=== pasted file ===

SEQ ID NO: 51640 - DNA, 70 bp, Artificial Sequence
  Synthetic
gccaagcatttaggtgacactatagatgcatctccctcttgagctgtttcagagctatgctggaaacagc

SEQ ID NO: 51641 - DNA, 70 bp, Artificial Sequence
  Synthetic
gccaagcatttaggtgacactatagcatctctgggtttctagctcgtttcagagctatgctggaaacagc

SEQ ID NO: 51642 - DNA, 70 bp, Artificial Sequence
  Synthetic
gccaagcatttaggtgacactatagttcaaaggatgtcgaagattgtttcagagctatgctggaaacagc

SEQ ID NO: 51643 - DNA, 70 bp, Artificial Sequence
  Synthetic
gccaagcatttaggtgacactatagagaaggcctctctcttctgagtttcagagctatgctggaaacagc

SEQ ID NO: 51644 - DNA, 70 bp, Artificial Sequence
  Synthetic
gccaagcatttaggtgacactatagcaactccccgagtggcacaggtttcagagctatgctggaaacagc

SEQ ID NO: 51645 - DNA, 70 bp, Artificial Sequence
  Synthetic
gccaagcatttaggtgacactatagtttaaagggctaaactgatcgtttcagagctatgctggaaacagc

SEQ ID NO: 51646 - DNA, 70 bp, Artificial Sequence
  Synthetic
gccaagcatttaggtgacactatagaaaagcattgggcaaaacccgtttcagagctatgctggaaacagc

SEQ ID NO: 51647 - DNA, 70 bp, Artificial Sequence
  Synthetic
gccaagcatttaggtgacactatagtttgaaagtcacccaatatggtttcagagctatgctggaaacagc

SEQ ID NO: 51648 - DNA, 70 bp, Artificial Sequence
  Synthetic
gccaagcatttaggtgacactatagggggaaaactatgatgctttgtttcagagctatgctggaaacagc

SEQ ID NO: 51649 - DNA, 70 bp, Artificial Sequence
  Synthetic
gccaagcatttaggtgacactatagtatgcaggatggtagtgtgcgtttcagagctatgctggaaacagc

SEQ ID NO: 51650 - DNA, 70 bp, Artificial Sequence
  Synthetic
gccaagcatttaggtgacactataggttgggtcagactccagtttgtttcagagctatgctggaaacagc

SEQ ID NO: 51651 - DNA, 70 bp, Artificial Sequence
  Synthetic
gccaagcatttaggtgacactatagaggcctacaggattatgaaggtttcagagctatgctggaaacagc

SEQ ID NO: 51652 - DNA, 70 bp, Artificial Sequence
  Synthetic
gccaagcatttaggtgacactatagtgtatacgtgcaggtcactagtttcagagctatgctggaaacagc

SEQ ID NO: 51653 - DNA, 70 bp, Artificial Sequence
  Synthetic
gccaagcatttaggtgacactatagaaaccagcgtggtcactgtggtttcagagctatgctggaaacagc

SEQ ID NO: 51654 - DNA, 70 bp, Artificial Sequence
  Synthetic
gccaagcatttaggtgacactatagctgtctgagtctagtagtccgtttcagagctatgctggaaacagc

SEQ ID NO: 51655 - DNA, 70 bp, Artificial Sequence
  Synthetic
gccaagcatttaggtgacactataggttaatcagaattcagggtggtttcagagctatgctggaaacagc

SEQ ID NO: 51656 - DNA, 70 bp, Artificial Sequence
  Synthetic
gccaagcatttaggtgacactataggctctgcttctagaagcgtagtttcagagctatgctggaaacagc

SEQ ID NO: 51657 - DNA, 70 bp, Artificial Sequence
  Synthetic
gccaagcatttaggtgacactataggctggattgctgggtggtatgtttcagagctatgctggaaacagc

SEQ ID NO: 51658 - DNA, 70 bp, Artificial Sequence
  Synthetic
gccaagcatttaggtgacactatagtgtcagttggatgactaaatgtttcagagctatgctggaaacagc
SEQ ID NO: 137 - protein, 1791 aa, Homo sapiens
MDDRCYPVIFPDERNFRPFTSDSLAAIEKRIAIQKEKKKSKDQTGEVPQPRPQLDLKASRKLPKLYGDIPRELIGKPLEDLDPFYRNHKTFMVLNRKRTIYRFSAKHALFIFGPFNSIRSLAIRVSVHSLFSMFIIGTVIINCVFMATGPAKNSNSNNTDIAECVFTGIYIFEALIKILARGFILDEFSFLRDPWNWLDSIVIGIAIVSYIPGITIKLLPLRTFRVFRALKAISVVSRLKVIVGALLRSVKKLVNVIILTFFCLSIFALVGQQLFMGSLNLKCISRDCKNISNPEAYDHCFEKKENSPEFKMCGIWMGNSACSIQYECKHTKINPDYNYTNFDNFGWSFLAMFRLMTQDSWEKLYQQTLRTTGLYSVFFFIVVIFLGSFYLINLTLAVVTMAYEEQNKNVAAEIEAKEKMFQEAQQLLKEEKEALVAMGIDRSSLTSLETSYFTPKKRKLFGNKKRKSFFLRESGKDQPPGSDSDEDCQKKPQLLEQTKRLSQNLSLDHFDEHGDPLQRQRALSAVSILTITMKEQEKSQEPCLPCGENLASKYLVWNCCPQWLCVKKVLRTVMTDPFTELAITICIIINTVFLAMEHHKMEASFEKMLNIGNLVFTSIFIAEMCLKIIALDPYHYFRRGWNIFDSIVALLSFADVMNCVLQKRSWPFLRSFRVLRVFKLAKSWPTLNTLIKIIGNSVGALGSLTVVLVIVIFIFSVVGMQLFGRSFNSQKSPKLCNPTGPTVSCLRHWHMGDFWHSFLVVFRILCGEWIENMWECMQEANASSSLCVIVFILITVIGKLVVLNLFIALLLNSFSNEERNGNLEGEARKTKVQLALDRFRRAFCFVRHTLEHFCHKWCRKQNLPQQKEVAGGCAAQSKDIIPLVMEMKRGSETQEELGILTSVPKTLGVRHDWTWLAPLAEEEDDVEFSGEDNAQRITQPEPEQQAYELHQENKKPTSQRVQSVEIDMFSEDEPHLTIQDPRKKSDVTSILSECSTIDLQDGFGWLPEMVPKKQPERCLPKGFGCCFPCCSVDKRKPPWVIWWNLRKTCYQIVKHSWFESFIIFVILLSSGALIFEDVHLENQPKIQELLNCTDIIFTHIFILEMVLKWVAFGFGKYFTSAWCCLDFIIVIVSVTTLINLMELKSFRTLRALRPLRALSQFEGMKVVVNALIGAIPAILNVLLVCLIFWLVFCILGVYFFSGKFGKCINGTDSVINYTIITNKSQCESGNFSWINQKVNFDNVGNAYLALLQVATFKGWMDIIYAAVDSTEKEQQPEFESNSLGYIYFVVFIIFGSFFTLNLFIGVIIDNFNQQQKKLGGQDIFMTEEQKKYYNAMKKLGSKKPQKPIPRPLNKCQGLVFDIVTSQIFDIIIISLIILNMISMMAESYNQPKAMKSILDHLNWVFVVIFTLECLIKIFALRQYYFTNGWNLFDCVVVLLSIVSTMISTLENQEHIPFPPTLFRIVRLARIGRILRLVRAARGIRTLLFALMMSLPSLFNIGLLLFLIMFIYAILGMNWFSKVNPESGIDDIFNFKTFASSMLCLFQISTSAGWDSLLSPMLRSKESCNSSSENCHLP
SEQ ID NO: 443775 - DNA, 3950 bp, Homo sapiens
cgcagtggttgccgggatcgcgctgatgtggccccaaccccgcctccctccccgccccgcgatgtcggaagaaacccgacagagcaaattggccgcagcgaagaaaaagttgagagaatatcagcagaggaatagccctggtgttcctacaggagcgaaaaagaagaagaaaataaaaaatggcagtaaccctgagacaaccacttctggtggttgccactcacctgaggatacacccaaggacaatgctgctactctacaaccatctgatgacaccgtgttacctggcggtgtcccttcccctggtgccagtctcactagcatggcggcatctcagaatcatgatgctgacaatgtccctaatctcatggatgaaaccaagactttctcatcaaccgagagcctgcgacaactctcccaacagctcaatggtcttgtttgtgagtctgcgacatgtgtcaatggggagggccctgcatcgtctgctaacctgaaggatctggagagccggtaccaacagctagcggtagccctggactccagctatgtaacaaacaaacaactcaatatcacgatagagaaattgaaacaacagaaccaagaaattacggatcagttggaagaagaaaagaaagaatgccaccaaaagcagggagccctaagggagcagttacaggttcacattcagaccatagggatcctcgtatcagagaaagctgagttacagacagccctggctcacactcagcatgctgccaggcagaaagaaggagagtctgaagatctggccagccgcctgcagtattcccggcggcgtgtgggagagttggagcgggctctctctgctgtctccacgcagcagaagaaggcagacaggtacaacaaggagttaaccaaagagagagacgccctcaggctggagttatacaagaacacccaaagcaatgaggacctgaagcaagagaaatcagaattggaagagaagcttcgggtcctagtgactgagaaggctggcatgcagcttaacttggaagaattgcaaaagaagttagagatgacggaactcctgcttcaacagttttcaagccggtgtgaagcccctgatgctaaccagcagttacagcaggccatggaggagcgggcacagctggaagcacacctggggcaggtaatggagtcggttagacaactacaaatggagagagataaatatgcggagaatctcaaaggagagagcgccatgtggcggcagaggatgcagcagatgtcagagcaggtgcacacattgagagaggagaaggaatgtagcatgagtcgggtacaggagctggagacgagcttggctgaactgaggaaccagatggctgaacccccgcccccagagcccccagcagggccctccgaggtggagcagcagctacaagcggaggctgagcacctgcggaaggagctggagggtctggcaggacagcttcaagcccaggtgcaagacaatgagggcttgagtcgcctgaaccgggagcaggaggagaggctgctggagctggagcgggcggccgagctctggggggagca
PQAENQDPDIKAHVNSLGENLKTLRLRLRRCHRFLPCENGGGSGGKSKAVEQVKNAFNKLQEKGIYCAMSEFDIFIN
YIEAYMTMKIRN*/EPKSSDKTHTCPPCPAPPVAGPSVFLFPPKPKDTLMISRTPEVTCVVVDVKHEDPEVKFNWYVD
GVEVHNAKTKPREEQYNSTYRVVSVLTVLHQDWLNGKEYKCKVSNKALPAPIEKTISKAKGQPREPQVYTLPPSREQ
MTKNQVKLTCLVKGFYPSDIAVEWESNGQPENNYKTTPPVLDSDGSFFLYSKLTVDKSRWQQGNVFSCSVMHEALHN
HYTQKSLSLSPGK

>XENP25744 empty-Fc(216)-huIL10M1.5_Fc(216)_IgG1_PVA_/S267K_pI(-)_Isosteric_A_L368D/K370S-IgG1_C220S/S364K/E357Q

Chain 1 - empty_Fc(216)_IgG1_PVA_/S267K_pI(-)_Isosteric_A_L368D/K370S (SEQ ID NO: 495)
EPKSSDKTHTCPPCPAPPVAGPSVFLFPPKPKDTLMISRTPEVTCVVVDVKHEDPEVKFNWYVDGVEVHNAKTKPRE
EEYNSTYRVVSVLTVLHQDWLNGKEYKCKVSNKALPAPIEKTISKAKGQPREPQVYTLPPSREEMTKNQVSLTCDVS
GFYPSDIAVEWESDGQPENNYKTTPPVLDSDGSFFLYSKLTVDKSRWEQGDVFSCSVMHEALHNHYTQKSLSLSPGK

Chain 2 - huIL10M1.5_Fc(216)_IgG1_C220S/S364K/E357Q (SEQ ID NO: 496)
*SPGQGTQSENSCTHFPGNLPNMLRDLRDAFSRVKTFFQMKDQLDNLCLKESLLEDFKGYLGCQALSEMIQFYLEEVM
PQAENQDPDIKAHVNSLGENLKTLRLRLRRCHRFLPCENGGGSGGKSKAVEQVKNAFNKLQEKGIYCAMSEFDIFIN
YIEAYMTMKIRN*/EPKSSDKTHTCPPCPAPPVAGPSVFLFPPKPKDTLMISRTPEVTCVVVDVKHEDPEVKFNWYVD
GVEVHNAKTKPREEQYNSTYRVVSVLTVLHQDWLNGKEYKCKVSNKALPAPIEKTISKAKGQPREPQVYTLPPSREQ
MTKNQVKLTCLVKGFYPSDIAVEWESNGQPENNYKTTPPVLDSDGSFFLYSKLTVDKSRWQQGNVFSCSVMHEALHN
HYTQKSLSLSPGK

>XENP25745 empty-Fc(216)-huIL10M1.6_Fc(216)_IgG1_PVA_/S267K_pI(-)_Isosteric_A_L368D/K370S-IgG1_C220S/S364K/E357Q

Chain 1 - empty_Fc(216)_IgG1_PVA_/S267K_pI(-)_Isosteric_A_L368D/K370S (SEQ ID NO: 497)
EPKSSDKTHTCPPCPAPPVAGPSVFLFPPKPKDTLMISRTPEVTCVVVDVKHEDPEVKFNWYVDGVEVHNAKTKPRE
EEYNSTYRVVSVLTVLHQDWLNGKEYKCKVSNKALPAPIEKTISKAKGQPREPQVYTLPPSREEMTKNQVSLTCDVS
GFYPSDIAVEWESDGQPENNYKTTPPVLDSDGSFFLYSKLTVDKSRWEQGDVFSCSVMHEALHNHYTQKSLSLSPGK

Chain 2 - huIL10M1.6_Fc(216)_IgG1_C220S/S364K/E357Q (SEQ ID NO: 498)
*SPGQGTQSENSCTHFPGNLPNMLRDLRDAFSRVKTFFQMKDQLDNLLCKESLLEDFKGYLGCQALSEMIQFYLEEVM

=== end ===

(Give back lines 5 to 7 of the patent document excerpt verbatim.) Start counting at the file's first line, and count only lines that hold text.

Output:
  Synthetic
gccaagcatttaggtgacactatagcatctctgggtttctagctcgtttcagagctatgctggaaacagc

SEQ ID NO: 51642 - DNA, 70 bp, Artificial Sequence